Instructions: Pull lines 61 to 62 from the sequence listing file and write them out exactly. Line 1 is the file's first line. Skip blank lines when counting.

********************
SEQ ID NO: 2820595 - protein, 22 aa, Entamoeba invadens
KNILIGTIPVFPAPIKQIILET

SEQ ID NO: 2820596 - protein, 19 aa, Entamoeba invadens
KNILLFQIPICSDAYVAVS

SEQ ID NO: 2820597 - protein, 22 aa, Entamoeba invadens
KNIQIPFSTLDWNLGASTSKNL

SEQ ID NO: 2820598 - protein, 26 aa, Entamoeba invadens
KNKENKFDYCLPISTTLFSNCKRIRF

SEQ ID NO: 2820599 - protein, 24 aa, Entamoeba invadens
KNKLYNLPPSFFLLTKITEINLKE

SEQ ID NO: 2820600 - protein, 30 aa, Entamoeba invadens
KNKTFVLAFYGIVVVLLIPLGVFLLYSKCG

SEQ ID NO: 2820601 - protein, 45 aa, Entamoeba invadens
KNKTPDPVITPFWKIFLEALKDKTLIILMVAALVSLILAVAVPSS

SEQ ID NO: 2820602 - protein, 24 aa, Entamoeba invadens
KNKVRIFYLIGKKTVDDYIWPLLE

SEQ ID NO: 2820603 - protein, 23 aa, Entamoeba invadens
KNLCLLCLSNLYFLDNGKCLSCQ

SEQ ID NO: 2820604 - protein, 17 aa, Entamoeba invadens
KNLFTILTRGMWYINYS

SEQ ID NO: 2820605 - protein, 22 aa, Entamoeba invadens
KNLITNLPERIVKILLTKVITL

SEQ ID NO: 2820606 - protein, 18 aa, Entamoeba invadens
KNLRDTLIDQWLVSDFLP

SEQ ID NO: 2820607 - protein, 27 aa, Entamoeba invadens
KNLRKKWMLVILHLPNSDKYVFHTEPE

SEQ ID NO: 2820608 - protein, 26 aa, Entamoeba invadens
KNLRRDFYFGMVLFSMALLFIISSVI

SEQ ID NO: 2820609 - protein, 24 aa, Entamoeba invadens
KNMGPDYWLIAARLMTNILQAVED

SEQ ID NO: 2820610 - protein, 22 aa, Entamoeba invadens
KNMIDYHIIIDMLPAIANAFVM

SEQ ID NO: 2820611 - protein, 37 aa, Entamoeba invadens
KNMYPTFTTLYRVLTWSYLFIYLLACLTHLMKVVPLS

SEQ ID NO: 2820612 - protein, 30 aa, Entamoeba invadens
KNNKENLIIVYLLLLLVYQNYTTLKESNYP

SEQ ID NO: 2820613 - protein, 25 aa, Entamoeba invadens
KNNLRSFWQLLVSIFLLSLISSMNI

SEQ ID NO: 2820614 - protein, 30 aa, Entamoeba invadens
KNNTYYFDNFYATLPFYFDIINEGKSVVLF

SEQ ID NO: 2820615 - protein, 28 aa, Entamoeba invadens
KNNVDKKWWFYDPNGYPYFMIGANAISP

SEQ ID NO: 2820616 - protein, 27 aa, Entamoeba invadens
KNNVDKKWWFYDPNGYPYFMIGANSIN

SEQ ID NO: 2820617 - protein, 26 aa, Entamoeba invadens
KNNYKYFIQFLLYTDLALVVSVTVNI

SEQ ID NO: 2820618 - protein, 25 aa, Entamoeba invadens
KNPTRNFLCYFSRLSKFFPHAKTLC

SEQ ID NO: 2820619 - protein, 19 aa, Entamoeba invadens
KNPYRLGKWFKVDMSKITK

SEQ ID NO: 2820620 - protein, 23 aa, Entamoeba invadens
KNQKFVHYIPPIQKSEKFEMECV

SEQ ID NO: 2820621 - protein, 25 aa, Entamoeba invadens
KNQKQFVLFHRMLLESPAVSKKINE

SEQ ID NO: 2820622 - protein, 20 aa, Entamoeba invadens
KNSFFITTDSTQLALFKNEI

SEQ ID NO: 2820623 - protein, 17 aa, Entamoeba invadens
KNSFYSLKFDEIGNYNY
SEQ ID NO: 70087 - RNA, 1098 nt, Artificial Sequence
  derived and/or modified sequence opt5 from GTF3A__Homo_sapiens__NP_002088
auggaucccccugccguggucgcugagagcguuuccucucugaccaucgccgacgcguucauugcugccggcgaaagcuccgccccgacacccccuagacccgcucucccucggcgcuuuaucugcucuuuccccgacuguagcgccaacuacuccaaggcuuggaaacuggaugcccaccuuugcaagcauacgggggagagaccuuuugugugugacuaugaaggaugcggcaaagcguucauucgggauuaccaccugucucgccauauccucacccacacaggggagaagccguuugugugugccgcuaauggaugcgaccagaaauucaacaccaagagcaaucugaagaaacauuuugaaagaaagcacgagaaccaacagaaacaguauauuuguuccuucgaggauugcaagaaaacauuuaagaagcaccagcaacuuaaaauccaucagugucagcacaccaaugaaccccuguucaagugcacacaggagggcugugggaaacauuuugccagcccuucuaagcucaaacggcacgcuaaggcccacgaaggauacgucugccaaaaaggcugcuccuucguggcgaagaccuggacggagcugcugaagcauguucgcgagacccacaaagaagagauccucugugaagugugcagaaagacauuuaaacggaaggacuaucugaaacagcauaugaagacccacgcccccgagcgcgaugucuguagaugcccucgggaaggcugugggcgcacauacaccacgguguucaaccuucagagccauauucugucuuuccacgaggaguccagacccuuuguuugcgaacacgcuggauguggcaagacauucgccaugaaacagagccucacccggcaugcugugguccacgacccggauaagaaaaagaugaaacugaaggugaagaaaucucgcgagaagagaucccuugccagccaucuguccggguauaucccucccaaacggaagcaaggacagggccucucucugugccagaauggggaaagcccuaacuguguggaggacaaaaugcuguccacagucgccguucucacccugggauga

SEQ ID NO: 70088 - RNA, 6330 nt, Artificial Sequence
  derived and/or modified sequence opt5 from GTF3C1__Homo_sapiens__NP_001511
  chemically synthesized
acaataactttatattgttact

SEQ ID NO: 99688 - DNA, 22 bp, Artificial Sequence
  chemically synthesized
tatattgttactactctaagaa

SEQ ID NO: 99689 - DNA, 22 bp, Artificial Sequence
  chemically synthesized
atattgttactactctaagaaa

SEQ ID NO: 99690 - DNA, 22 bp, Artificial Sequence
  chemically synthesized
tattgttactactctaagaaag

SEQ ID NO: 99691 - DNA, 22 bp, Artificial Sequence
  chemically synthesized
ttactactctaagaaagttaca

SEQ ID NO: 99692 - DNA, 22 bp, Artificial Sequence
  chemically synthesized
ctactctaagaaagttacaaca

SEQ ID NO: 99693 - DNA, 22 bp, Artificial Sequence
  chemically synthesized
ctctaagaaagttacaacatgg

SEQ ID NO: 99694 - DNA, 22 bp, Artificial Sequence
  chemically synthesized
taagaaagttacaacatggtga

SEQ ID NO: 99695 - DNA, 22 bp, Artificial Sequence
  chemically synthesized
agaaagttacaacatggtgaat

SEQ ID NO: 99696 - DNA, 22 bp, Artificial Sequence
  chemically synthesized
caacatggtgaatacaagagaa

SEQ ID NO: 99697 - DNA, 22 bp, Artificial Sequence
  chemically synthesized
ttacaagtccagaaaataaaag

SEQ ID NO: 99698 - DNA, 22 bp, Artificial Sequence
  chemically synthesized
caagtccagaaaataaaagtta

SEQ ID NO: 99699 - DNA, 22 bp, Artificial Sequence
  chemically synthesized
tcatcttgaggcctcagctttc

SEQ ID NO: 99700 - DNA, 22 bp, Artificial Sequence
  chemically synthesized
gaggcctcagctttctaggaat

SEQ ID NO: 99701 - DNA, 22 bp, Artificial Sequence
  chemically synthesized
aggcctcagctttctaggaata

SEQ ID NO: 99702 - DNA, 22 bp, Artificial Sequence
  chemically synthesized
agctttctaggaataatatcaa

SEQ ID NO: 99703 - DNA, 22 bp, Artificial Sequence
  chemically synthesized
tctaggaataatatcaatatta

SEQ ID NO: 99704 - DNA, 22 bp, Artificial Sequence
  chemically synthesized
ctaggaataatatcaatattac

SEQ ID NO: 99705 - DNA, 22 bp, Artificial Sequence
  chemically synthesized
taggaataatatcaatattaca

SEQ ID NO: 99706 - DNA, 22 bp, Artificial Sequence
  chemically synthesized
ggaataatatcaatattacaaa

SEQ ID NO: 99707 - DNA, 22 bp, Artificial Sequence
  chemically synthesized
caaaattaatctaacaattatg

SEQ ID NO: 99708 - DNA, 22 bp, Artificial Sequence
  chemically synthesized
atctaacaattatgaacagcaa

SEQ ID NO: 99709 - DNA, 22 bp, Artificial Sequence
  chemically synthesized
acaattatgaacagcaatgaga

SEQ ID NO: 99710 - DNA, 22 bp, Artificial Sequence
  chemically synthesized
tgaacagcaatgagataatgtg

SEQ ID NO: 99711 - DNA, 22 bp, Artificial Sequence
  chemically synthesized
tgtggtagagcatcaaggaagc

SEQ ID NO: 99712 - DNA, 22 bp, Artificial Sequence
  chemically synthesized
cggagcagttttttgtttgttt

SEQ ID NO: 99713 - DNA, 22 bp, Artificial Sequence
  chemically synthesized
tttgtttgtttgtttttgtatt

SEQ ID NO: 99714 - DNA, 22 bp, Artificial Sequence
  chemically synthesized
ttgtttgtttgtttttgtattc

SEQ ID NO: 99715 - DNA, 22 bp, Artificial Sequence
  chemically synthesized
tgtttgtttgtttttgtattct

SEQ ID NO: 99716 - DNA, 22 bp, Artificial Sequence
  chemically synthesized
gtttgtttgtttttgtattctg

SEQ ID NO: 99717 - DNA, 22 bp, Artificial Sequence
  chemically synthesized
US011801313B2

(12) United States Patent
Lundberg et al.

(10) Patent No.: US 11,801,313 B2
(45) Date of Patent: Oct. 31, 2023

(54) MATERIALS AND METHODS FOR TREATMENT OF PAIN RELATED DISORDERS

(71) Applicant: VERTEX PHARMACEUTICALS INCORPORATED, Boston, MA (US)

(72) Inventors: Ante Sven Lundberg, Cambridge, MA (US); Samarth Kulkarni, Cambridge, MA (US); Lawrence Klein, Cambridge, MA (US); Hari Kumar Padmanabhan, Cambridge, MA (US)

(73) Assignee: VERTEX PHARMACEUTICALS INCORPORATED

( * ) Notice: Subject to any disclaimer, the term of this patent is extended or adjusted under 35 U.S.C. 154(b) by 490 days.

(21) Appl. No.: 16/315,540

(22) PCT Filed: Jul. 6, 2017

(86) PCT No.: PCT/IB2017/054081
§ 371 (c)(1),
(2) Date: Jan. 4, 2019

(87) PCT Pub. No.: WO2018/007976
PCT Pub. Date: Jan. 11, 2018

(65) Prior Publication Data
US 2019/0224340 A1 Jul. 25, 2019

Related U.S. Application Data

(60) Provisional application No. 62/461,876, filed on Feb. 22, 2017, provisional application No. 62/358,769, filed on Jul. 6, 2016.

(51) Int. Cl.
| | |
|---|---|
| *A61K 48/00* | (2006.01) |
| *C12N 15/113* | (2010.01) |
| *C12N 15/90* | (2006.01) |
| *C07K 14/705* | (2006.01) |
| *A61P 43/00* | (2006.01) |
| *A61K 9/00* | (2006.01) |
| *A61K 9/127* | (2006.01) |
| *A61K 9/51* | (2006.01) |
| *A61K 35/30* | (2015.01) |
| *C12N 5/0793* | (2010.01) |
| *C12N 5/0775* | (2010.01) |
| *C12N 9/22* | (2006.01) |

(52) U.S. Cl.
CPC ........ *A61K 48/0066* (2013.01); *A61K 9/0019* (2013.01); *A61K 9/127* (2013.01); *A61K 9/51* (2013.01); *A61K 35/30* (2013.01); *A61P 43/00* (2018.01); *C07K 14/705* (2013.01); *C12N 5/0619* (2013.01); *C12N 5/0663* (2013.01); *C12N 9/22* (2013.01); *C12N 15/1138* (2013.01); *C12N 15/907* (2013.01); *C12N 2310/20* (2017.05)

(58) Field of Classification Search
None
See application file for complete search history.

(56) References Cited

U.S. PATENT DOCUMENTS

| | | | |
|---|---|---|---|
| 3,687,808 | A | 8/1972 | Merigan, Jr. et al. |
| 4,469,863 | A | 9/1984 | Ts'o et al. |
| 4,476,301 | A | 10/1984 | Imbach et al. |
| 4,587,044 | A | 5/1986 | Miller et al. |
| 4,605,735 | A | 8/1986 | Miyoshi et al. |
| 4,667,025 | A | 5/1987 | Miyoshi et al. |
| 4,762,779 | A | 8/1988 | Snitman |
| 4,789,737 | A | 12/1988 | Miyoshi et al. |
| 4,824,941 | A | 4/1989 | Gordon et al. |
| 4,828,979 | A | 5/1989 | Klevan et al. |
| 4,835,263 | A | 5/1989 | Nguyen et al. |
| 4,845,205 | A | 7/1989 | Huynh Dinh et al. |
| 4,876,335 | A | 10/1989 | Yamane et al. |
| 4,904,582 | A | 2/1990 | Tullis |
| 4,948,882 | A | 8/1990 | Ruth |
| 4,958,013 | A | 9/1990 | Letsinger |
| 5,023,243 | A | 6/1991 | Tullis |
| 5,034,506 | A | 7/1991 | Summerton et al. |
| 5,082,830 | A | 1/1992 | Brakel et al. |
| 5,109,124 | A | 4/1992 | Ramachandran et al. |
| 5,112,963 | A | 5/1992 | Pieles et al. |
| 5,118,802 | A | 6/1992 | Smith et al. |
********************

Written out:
auggaucccccugccguggucgcugagagcguuuccucucugaccaucgccgacgcguucauugcugccggcgaaagcuccgccccgacacccccuagacccgcucucccucggcgcuuuaucugcucuuuccccgacuguagcgccaacuacuccaaggcuuggaaacuggaugcccaccuuugcaagcauacgggggagagaccuuuugugugugacuaugaaggaugcggcaaagcguucauucgggauuaccaccugucucgccauauccucacccacacaggggagaagccguuugugugugccgcuaauggaugcgaccagaaauucaacaccaagagcaaucugaagaaacauuuugaaagaaagcacgagaaccaacagaaacaguauauuuguuccuucgaggauugcaagaaaacauuuaagaagcaccagcaacuuaaaauccaucagugucagcacaccaaugaaccccuguucaagugcacacaggagggcugugggaaacauuuugccagcccuucuaagcucaaacggcacgcuaaggcccacgaaggauacgucugccaaaaaggcugcuccuucguggcgaagaccuggacggagcugcugaagcauguucgcgagacccacaaagaagagauccucugugaagugugcagaaagacauuuaaacggaaggacuaucugaaacagcauaugaagacccacgcccccgagcgcgaugucuguagaugcccucgggaaggcugugggcgcacauacaccacgguguucaaccuucagagccauauucugucuuuccacgaggaguccagacccuuuguuugcgaacacgcuggauguggcaagacauucgccaugaaacagagccucacccggcaugcugugguccacgacccggauaagaaaaagaugaaacugaaggugaagaaaucucgcgagaagagaucccuugccagccaucuguccggguauaucccucccaaacggaagcaaggacagggccucucucugugccagaauggggaaagcccuaacuguguggaggacaaaaugcuguccacagucgccguucucacccugggauga

SEQ ID NO: 70088 - RNA, 6330 nt, Artificial Sequence